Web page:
Monthly Archives: June 2018

Granny Garbage

I’m not usually big on poetry at all, and scary poetry is not a thing I’ve really come across. But there is always a first time for nearly everything.

One of my guests on Wednesday, Joan Lennon, not only writes really great novels, but she’s into poetry too. Scary poetry. Instead of flowers/chocolate/wine Joan gave me a thin leaflet, which is her most recent literary offering (I missed the launch). Granny Garbage.

Joan Lennon, Granny Garbage

She reassured me that it wasn’t going to be so horrible that I’d not be able to sleep. But this poem lasting no longer than sixteen pages is not without fear. Especially when you get to the end, even if there is some menace on every page.

Look out for Granny Garbage.

(I mean that any way you might think I mean it.)

From lunch to launch – Mary, Queen of Scots style

A hug from a man wearing a Mary, Queen of Scots t-shirt is exactly what a witch requires on entering Waterstones Argyle Street in Glasgow, having cut her travelling uncharacteristically close. The man was, of course, Mr B who always supports his wife’s latest book launch with a new personalised item of clothing. Last night we were there for Theresa Breslin’s new picture book, Mary, Queen of Scots, Escape From Lochleven Castle.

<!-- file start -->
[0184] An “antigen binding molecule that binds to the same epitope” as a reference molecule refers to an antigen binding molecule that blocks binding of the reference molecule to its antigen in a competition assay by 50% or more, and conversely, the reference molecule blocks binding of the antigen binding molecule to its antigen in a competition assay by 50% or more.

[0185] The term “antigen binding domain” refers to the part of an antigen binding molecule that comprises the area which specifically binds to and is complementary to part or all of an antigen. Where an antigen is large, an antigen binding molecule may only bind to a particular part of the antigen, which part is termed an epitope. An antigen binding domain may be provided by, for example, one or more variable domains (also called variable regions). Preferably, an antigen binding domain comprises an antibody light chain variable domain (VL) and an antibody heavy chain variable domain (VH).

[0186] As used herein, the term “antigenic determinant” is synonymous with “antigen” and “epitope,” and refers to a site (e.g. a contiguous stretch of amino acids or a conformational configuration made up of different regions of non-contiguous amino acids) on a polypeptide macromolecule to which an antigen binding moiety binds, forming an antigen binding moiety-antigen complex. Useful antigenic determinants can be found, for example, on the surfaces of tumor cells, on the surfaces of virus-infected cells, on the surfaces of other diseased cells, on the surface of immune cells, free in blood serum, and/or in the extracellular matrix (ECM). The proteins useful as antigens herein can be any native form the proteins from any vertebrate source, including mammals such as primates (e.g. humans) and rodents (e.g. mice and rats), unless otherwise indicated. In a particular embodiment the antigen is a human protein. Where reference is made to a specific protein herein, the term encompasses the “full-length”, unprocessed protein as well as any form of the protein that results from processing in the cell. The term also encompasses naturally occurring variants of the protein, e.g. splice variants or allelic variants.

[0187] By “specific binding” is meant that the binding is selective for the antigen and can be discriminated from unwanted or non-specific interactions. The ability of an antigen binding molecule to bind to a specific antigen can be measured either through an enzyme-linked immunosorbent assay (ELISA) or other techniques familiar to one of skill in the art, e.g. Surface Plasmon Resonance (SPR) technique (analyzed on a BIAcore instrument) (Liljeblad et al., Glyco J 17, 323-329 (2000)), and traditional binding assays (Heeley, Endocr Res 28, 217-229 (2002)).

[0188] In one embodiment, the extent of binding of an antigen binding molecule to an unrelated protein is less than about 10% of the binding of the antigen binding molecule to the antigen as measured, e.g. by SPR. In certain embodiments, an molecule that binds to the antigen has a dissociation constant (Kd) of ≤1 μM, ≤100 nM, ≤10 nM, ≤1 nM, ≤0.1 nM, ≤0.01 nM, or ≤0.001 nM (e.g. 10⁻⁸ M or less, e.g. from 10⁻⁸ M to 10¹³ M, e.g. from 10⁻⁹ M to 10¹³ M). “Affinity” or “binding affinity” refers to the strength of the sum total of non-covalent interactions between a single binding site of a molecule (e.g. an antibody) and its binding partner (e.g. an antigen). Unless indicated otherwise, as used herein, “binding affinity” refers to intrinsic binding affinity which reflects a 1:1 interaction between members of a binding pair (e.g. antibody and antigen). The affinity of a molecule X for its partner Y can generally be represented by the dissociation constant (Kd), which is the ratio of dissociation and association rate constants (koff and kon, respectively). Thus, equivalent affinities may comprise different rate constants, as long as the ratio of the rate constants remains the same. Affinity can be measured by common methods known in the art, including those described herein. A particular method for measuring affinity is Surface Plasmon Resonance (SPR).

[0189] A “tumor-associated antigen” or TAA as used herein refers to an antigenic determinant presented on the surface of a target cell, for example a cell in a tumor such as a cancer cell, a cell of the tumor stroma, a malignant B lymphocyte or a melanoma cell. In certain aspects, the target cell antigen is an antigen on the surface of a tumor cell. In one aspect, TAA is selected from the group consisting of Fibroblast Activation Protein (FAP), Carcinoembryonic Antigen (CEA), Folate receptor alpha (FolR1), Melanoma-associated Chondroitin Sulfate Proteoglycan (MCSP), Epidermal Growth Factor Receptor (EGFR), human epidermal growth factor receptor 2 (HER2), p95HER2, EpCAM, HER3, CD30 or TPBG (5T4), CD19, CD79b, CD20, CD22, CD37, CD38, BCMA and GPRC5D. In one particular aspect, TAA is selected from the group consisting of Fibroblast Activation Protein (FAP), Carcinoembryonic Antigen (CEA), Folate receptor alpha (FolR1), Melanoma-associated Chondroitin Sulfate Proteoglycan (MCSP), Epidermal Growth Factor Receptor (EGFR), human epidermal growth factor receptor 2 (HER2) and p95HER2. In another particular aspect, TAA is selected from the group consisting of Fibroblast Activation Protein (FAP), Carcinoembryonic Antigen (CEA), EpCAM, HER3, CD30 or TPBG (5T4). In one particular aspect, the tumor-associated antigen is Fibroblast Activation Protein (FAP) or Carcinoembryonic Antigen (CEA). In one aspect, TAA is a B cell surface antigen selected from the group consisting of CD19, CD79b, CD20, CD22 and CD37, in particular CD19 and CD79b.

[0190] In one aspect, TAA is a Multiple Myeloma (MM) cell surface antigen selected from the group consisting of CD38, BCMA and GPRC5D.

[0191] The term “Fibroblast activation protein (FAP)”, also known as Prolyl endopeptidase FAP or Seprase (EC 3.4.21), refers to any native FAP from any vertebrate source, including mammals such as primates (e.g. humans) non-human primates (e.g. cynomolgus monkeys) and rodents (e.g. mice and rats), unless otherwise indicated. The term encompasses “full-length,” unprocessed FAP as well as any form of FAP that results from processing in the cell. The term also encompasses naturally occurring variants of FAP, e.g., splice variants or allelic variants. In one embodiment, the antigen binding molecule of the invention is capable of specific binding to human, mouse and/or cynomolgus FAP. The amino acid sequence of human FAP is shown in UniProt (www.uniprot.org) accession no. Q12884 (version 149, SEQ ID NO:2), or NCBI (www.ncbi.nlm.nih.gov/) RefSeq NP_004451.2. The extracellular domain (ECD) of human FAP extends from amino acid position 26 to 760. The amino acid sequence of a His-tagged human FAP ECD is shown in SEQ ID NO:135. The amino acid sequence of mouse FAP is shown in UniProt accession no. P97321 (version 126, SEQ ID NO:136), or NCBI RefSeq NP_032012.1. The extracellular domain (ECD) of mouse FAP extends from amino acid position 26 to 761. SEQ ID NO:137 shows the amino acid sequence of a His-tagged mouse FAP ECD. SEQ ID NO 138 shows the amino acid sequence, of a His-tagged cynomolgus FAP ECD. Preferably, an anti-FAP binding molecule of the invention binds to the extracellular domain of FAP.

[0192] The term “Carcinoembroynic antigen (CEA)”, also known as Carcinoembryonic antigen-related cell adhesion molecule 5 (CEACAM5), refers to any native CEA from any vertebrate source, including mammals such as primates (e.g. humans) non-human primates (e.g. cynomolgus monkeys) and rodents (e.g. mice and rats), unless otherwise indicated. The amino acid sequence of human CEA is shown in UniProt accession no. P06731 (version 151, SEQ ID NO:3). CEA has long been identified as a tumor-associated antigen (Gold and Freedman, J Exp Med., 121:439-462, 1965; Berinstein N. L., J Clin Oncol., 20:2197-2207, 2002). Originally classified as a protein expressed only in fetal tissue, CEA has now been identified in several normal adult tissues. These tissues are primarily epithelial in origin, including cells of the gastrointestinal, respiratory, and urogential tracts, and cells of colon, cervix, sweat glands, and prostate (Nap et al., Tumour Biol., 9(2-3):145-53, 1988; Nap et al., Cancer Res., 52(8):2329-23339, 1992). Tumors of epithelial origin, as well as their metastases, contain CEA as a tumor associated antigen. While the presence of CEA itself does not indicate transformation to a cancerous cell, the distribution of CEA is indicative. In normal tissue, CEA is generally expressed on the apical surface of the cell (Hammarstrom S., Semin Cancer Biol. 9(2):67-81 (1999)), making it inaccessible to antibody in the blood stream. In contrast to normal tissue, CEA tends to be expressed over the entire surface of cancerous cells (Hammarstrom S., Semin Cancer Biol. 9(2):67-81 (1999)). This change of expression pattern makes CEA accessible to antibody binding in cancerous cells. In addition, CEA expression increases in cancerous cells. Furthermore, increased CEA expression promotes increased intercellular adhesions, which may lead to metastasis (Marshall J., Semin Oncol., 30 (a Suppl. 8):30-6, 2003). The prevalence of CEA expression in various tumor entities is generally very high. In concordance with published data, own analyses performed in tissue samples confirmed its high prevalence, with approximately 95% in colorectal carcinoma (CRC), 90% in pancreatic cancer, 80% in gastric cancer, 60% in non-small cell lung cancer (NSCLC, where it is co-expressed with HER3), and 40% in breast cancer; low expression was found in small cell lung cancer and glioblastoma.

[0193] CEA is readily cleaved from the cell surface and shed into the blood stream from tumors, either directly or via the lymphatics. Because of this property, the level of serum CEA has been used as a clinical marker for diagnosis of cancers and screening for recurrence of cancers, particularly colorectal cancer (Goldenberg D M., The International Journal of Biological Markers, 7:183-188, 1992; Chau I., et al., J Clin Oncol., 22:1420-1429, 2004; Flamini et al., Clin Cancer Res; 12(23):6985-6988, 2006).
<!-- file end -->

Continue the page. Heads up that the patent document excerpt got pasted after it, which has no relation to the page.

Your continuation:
Theresa Breslin

I was returning a scarf left behind by Mrs B at Bookwitch Towers the day before, but judging by how many people were there, it won’t have been done on purpose so I would come and launch the book with her.

Mary, Queen of Scots cupcakes

Encountered David MacPhail eyeing up the specially baked little cupcakes. They were for the children! Found a good chair to sit in and then switched to the one that appeared next to it, thereby engineering a more comfortable chair for me, and a free seat next to me for David. Well, he couldn’t eat all those cakes standing up, could he?


Apparently children today don’t have an interest in Mary, Queen of Scots. It’s because they don’t know her. This new book is intended to introduce them to Mary, so that when they next encounter a sign proudly claiming that ‘Mary, Queen of Scots, slept here’ they might get a little excited. It’s a picture book – illustrations by Teresa Martinez – but much of what happened to Mary is not exactly child friendly, so Theresa carefully chose Mary’s escape from Lochleven Castle as a safe topic, with no backs being stabbed, or anything.

An early review from a very young lady pointed out that it would have been good to know why Mary was imprisoned at Lochleven…